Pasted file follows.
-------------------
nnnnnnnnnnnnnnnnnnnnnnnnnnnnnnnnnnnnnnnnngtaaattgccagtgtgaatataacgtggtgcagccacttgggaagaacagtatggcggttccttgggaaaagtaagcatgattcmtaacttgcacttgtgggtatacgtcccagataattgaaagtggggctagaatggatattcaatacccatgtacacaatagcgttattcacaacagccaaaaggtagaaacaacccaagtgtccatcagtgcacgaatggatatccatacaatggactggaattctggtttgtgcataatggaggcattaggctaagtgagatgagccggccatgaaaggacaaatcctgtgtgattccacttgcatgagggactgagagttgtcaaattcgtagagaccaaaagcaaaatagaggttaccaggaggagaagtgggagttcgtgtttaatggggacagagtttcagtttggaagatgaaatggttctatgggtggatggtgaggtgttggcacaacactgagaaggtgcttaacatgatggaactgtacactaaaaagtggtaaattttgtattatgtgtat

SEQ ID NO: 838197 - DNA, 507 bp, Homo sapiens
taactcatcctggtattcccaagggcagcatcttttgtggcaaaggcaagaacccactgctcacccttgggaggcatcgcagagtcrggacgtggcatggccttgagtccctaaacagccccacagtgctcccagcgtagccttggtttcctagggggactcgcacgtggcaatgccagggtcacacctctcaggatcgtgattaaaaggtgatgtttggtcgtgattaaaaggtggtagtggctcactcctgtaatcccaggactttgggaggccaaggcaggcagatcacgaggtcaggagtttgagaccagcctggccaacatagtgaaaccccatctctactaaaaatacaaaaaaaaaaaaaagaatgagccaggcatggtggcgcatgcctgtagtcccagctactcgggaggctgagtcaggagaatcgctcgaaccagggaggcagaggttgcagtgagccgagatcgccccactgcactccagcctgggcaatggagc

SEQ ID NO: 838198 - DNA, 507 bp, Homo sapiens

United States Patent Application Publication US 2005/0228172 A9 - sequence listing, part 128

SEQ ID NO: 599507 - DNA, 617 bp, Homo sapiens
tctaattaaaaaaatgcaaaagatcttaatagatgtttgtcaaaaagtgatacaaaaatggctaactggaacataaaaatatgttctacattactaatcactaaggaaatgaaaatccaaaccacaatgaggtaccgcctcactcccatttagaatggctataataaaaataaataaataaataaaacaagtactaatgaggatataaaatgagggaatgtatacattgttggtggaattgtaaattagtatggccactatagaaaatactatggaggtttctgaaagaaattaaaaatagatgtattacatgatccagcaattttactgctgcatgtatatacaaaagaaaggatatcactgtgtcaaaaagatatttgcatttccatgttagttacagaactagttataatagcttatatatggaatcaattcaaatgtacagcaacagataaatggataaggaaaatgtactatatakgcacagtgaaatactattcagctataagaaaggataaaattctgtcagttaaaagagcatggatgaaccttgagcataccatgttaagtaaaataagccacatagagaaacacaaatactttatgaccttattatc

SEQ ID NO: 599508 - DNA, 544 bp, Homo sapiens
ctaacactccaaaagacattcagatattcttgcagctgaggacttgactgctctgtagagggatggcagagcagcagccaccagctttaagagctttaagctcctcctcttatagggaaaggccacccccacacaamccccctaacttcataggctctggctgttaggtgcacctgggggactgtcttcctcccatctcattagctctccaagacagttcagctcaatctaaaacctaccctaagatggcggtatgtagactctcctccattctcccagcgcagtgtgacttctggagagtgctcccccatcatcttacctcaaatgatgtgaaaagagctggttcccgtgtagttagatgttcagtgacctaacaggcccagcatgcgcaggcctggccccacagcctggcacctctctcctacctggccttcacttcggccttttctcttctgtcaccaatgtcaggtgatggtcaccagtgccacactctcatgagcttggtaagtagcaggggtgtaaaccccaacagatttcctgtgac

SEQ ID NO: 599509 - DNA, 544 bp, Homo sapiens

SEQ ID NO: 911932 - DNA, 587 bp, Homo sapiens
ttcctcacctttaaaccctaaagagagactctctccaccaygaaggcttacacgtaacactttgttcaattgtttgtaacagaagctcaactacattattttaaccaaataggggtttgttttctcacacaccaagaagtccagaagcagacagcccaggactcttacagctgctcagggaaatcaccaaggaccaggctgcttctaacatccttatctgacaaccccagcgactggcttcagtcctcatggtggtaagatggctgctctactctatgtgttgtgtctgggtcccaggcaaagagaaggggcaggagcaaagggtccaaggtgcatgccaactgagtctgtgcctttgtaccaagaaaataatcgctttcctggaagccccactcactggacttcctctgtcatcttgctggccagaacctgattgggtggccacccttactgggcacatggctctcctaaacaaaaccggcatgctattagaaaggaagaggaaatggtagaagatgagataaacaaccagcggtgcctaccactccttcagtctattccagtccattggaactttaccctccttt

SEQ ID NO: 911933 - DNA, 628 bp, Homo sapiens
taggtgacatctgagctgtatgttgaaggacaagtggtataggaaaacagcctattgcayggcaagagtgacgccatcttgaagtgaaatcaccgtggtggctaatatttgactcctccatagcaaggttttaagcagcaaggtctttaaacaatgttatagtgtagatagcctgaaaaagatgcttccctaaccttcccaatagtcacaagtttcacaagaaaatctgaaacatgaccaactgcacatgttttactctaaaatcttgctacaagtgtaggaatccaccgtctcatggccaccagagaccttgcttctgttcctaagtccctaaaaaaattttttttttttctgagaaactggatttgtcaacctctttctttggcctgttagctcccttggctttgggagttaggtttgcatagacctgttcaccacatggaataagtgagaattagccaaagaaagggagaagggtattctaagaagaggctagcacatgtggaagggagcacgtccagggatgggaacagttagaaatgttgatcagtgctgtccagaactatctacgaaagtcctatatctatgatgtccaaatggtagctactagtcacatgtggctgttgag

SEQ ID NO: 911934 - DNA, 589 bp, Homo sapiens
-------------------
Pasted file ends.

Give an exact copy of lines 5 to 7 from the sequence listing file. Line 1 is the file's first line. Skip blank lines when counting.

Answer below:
United States Patent Application Publication US 2005/0228172 A9 - sequence listing, part 128

SEQ ID NO: 599507 - DNA, 617 bp, Homo sapiens
tctaattaaaaaaatgcaaaagatcttaatagatgtttgtcaaaaagtgatacaaaaatggctaactggaacataaaaatatgttctacattactaatcactaaggaaatgaaaatccaaaccacaatgaggtaccgcctcactcccatttagaatggctataataaaaataaataaataaataaaacaagtactaatgaggatataaaatgagggaatgtatacattgttggtggaattgtaaattagtatggccactatagaaaatactatggaggtttctgaaagaaattaaaaatagatgtattacatgatccagcaattttactgctgcatgtatatacaaaagaaaggatatcactgtgtcaaaaagatatttgcatttccatgttagttacagaactagttataatagcttatatatggaatcaattcaaatgtacagcaacagataaatggataaggaaaatgtactatatakgcacagtgaaatactattcagctataagaaaggataaaattctgtcagttaaaagagcatggatgaaccttgagcataccatgttaagtaaaataagccacatagagaaacacaaatactttatgaccttattatc